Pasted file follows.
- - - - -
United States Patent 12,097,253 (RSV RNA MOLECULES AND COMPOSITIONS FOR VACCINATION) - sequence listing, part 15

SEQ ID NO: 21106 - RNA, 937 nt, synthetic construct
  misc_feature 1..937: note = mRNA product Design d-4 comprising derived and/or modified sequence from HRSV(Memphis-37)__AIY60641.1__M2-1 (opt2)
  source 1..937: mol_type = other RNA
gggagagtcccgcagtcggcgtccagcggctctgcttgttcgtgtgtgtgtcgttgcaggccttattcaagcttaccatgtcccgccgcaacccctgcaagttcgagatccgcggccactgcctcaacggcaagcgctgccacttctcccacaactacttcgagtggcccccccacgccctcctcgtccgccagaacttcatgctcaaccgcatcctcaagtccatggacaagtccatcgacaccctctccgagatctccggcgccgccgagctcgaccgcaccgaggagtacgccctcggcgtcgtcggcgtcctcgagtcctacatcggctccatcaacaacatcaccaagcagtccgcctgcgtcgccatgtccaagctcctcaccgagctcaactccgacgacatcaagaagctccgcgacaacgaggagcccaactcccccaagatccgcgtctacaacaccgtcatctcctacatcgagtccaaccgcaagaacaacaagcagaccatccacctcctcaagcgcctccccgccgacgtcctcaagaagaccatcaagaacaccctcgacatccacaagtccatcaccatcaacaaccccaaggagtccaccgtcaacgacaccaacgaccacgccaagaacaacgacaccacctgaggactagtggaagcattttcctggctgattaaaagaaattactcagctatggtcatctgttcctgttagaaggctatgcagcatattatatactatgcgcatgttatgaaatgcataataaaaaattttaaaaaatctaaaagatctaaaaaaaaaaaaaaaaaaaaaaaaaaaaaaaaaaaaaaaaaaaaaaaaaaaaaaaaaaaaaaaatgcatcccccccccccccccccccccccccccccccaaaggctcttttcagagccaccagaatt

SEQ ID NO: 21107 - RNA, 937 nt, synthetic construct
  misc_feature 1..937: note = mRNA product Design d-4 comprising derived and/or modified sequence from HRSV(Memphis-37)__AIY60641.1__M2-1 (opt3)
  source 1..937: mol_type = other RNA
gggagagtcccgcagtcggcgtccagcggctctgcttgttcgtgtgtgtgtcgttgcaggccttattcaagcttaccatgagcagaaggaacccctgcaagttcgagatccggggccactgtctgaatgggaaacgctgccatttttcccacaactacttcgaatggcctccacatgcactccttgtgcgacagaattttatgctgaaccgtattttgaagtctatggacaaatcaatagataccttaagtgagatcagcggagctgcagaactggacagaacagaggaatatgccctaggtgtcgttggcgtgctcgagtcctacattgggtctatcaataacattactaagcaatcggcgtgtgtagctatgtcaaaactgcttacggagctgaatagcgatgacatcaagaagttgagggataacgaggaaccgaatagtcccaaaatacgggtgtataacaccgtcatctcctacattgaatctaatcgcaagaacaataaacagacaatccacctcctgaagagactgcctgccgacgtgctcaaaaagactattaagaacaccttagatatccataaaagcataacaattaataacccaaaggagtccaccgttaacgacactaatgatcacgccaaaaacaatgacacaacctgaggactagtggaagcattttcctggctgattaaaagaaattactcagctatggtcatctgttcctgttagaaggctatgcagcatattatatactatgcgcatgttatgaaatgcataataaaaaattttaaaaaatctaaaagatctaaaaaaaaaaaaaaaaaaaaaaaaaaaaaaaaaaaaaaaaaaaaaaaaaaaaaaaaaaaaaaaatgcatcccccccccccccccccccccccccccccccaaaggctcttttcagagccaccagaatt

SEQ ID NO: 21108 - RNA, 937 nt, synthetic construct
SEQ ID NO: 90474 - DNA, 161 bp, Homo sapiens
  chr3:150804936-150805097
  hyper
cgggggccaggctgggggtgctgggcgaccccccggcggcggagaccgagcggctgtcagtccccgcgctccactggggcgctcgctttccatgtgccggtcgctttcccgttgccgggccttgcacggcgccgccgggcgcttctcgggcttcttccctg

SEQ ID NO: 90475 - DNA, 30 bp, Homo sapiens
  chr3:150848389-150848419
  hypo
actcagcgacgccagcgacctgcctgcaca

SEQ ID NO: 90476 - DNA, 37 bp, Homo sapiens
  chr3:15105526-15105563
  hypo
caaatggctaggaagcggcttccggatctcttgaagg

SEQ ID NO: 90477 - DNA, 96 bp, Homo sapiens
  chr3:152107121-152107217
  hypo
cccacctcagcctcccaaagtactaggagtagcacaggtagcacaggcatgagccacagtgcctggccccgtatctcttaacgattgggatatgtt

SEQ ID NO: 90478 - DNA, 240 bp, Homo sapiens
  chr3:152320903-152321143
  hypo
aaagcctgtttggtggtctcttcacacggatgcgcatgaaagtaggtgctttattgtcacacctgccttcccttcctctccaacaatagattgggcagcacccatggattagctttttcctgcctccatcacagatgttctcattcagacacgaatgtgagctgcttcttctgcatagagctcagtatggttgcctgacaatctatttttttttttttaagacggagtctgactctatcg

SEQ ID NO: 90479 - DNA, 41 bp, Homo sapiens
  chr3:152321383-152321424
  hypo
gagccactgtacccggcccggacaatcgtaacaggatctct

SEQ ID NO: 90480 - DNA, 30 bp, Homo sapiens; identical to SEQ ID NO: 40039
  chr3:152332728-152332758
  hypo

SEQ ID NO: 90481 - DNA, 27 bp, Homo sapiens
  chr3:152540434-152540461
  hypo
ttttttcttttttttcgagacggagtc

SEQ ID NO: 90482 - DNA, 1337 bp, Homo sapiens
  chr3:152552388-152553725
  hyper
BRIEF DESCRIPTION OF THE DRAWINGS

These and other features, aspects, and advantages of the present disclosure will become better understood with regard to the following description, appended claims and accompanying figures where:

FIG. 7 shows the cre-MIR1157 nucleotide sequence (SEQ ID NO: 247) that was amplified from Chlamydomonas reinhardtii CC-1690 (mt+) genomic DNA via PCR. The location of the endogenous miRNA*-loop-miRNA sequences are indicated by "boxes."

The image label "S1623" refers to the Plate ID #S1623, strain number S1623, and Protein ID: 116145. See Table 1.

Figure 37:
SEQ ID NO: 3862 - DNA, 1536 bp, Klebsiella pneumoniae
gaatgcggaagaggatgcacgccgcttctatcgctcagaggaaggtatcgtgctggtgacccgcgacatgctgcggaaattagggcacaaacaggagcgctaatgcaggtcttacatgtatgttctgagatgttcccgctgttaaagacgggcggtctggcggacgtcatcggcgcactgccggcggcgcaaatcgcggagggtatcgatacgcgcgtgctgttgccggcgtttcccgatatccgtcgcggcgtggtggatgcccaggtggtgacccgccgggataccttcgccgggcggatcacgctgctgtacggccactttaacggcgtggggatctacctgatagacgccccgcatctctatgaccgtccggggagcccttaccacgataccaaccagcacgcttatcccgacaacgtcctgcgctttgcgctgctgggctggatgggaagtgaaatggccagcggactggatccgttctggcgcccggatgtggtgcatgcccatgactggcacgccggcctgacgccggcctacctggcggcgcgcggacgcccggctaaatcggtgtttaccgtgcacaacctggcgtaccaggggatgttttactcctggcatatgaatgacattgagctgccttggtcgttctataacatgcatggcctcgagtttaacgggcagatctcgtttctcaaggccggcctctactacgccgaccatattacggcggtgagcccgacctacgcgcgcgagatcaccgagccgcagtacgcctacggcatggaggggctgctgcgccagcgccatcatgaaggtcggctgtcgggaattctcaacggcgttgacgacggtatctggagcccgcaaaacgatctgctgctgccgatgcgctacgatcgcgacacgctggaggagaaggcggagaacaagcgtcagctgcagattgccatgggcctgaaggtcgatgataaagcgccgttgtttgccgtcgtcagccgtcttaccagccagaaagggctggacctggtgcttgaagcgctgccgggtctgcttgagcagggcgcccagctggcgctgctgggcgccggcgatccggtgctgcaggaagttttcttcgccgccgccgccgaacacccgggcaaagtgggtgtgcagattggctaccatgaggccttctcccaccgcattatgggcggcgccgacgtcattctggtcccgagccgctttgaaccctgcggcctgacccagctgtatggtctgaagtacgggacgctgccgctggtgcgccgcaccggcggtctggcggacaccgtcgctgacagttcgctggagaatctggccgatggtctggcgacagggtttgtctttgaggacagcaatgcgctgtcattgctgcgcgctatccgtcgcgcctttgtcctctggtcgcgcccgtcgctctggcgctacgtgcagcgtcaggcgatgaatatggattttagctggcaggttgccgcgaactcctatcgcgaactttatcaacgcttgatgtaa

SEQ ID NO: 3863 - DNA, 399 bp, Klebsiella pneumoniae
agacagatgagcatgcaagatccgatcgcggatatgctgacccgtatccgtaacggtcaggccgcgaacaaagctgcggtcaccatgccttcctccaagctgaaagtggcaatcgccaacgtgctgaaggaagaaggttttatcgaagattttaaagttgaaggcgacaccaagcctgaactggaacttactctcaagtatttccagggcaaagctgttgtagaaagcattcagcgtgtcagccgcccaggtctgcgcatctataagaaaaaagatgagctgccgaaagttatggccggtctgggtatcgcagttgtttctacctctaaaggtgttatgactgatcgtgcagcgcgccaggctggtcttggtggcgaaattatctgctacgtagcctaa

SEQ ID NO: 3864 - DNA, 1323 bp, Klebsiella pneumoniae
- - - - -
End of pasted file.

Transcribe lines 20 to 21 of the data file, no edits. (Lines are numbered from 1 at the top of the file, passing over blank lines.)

  chr3:15105526-15105563
  hypo